Using a Scientific Investment Approach and a Core Satellite Strategy

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The following report is excerpted from The Wall Street Transcript Money Manager Interview


Steven Abernathy discusses The Abernathy Group II Family Office. The firm works directly for a family, which rids the conflicts of interest. In addition to removing the conflicts of interest, Mr. Abernathy says other benefits of this structure include cost savings and the fact that it’s a deductible expense. Mr. Abernathy uses a scientific approach to investing and a core satellite strategy. The core of a portfolio is usually global and widely diversified, with customized weightings of equities and debt. When it comes to equities, Mr. Abernathy seeks more value than growth, smaller companies over larger and ones that are consistently profitable. The satellites of the portfolio are customized for each family; however, some of the themes Mr. Abernathy explores are shareholder activism, cybersecurity, the rollout of 5G, emerging markets, agriculture, China and distressed debt.

(AHR522) TWST: Could you tell me about the firm?

Mr. Abernathy: Sure. We are a family office, and this means we work directly for the family that hires us. In most instances, this is important because it rids the relationship of conflicts of interest, which is one of the points I believe is most destructive in an advisory relationship. I have been a financial analyst since the early 1980s. I owned and ran a hedge fund for over 20 years, which was one of the earlier funds and was one of the very few funds that managed its assets for no management fee, just the percentage of profits, because this structure got rid of the conflicts of interest.

As Warren Buffett would tell you, we mandated that the portfolio manager and the analysts had to have at least 50% of their investable net worth in the fund. Meaning, we wanted everyone involved to eat their own cooking. In 2012, we opened up the fund to other families that were our co-investors in our family office.

TWST: I would think that being a direct employee of the families is a little bit different approach. What are the benefits for high net worth individuals who can have that kind of relationship with their financial professionals?

Mr. Abernathy: Number one, it’s a cost savings. We operate in most relationships at a fraction of 1% per year, whereas most advisory firms are higher — significantly higher — than that. Number two, it is a deductible expense, which has become incredibly helpful, when the 2018 laws changed. As most investors will know, the fees they pay legal, financial or investment advisory professionals are not deductible anymore. Moreover, when you hire a family office directly, they become an operating expense for the company. Therefore, those are the direct benefits.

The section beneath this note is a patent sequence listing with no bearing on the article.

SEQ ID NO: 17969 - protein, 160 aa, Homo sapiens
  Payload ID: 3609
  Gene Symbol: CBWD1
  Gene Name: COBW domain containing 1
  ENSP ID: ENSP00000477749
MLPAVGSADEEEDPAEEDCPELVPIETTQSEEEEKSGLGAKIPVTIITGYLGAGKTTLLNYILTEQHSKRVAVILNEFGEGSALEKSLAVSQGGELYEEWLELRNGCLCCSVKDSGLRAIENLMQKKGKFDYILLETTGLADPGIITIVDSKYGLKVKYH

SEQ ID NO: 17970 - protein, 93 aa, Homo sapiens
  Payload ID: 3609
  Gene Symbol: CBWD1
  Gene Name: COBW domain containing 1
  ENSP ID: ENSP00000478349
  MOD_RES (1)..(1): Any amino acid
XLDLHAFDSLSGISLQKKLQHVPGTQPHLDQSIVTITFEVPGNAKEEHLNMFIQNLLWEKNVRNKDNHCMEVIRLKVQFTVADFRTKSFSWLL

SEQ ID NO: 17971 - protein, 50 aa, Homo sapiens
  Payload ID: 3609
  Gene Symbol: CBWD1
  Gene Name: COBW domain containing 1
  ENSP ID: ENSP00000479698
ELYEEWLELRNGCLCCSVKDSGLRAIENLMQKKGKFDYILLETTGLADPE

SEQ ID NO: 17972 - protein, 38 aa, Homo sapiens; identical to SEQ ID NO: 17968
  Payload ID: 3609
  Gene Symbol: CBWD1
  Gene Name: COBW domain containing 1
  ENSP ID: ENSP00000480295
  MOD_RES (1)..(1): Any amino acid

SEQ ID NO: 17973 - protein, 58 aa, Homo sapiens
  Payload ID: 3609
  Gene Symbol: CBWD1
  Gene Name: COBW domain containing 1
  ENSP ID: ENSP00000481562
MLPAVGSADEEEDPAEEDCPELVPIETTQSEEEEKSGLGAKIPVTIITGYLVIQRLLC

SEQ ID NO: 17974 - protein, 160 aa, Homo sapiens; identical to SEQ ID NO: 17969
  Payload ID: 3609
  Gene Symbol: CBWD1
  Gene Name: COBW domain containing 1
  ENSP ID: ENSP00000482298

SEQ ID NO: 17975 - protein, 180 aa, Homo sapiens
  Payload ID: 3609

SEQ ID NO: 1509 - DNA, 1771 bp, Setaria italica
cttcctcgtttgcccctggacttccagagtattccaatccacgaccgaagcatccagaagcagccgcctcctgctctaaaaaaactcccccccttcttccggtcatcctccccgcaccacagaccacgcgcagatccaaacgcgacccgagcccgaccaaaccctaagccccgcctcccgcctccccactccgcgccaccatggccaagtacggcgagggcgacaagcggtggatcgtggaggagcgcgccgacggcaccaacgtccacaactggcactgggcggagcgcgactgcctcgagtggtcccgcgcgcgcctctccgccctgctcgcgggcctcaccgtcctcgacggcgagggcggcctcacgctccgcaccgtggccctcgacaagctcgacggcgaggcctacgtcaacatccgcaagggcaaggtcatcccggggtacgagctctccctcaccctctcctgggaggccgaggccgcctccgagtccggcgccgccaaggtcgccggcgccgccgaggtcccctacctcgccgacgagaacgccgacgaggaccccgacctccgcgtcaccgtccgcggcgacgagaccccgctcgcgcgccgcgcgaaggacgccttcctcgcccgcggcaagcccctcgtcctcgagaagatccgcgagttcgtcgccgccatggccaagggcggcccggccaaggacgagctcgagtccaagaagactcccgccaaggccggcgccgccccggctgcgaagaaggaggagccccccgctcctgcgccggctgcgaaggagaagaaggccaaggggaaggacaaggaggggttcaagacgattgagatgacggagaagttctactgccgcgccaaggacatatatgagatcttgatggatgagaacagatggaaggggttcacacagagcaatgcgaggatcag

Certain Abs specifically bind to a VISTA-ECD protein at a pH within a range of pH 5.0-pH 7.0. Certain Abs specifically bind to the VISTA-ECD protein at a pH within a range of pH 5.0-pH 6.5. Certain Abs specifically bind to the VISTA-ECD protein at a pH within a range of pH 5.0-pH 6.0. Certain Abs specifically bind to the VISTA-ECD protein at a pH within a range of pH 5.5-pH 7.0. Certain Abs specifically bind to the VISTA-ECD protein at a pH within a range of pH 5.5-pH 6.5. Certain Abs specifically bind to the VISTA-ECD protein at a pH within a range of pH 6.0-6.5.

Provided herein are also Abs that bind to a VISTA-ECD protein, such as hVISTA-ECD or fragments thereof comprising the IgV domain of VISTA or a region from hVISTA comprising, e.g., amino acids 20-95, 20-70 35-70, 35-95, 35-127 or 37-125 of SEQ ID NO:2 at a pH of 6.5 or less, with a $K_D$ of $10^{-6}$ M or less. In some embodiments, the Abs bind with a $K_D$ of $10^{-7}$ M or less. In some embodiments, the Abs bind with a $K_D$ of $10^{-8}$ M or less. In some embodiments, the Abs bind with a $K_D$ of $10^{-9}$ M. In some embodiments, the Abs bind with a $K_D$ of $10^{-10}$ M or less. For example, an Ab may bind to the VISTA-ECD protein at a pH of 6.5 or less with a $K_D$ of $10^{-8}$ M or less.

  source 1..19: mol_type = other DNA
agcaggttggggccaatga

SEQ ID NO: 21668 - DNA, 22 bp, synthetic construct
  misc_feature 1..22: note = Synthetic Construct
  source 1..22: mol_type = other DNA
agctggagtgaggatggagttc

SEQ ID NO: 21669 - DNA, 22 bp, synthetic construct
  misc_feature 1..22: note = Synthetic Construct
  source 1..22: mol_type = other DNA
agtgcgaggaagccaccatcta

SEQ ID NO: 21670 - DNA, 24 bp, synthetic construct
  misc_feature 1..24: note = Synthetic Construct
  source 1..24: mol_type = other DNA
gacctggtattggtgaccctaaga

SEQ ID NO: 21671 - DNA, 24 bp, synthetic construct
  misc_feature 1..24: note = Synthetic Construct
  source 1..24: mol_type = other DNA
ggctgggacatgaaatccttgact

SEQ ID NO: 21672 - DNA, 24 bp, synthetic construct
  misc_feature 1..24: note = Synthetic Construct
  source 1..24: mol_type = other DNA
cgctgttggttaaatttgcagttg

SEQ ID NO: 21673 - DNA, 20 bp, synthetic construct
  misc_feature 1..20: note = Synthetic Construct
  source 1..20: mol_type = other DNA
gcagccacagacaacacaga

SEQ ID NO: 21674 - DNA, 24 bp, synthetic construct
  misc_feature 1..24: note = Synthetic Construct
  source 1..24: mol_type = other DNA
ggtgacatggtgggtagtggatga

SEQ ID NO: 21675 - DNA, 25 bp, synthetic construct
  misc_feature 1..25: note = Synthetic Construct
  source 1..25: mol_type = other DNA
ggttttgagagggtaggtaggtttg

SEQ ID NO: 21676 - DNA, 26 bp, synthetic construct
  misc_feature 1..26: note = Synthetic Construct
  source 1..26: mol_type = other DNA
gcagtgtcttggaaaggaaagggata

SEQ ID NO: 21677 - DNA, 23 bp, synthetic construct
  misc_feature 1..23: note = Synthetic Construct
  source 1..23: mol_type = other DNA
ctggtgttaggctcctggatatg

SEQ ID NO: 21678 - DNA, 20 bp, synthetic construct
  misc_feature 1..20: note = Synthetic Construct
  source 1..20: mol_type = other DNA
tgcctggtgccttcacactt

The satellites of the strategy are the unique investment that most family offices offer, which truly add a level of diversification for each family. It’s a strategy focused on outperforming inflation and being able to sleep at night by investing in opportunities that are not correlated with the global capital markets, yet that will outperform inflation.

The indirect benefits include that we have no conflicts of interest. We are paid by one master and only one master. And we offer advice at the behest of that investor or that family.

Most people would think it is more expensive, yet it’s actually less expensive. And I wanted to quote a passage from one of the better books written over the last 25 years. The book is called Winning the Loser’s Game. You may have read it. It’s written by Charley Ellis. He is an incredibly smart individual who really cared about the investing public. Our firm agrees with the vast majority of his thinking.

The quote is: “Investment management differs from many other professions in one of the most unfortunate ways. It’s losing the struggle to put professional values and responsibilities first and business objectives second.” And what he’s referring to is the rampant conflicts of interest that are created by the commission structure or the kickback structure that incent the brokerage community to offer solutions that pay them the most to sell, instead of the solution, which is simply the best for the client.

I am hoping that the Vanguard approach toward investment management will continue to gain steam. The Vanguard structure supports hiring the best investment professionals we can hire, and we charge you what it costs to keep these people employed. We operate similarly to Vanguard.

TWST: Could you describe your investment philosophy?